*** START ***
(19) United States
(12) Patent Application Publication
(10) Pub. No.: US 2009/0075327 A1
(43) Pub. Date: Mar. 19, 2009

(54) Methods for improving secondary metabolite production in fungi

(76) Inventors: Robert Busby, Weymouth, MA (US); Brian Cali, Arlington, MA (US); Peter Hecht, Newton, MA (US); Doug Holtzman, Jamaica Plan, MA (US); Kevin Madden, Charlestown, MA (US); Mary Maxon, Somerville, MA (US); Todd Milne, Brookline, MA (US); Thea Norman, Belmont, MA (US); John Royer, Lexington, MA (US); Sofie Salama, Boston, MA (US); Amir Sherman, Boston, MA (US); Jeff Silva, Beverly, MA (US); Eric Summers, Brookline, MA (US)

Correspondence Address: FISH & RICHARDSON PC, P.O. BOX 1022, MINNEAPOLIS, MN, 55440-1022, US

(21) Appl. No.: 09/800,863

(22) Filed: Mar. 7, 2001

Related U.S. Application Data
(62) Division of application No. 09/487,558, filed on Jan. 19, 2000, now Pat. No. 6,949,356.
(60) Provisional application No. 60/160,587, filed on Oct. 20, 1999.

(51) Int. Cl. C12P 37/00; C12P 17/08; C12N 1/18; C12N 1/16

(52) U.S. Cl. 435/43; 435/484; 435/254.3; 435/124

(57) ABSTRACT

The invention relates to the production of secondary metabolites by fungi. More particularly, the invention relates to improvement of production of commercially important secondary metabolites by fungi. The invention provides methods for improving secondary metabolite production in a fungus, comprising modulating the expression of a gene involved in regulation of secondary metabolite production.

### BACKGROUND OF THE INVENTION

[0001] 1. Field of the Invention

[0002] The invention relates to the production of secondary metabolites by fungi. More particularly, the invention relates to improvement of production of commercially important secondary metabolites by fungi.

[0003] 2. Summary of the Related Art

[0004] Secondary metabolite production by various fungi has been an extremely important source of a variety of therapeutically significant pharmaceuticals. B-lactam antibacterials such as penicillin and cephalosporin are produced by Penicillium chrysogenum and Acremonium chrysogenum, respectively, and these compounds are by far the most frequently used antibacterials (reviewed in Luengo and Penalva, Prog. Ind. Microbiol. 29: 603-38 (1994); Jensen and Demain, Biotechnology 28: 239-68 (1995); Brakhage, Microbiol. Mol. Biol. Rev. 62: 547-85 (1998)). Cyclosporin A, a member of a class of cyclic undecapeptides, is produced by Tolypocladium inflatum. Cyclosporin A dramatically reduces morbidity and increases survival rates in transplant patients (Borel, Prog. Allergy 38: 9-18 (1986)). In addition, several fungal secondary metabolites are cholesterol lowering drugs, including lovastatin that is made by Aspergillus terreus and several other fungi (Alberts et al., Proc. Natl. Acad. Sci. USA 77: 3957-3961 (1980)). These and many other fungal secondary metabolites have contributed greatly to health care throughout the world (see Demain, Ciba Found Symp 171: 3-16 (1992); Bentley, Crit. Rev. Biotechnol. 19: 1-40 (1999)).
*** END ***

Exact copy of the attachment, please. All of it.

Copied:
(19) United States
(12) Patent Application Publication
(10) Pub. No.: US 2009/0075327 A1
(43) Pub. Date: Mar. 19, 2009

(54) Methods for improving secondary metabolite production in fungi

(76) Inventors: Robert Busby, Weymouth, MA (US); Brian Cali, Arlington, MA (US); Peter Hecht, Newton, MA (US); Doug Holtzman, Jamaica Plan, MA (US); Kevin Madden, Charlestown, MA (US); Mary Maxon, Somerville, MA (US); Todd Milne, Brookline, MA (US); Thea Norman, Belmont, MA (US); John Royer, Lexington, MA (US); Sofie Salama, Boston, MA (US); Amir Sherman, Boston, MA (US); Jeff Silva, Beverly, MA (US); Eric Summers, Brookline, MA (US)

Correspondence Address: FISH & RICHARDSON PC, P.O. BOX 1022, MINNEAPOLIS, MN, 55440-1022, US

(21) Appl. No.: 09/800,863

(22) Filed: Mar. 7, 2001

Related U.S. Application Data
(62) Division of application No. 09/487,558, filed on Jan. 19, 2000, now Pat. No. 6,949,356.
(60) Provisional application No. 60/160,587, filed on Oct. 20, 1999.

(51) Int. Cl. C12P 37/00; C12P 17/08; C12N 1/18; C12N 1/16

(52) U.S. Cl. 435/43; 435/484; 435/254.3; 435/124

(57) ABSTRACT

The invention relates to the production of secondary metabolites by fungi. More particularly, the invention relates to improvement of production of commercially important secondary metabolites by fungi. The invention provides methods for improving secondary metabolite production in a fungus, comprising modulating the expression of a gene involved in regulation of secondary metabolite production.

### BACKGROUND OF THE INVENTION

[0001] 1. Field of the Invention

[0002] The invention relates to the production of secondary metabolites by fungi. More particularly, the invention relates to improvement of production of commercially important secondary metabolites by fungi.

[0003] 2. Summary of the Related Art

[0004] Secondary metabolite production by various fungi has been an extremely important source of a variety of therapeutically significant pharmaceuticals. B-lactam antibacterials such as penicillin and cephalosporin are produced by Penicillium chrysogenum and Acremonium chrysogenum, respectively, and these compounds are by far the most frequently used antibacterials (reviewed in Luengo and Penalva, Prog. Ind. Microbiol. 29: 603-38 (1994); Jensen and Demain, Biotechnology 28: 239-68 (1995); Brakhage, Microbiol. Mol. Biol. Rev. 62: 547-85 (1998)). Cyclosporin A, a member of a class of cyclic undecapeptides, is produced by Tolypocladium inflatum. Cyclosporin A dramatically reduces morbidity and increases survival rates in transplant patients (Borel, Prog. Allergy 38: 9-18 (1986)). In addition, several fungal secondary metabolites are cholesterol lowering drugs, including lovastatin that is made by Aspergillus terreus and several other fungi (Alberts et al., Proc. Natl. Acad. Sci. USA 77: 3957-3961 (1980)). These and many other fungal secondary metabolites have contributed greatly to health care throughout the world (see Demain, Ciba Found Symp 171: 3-16 (1992); Bentley, Crit. Rev. Biotechnol. 19: 1-40 (1999)).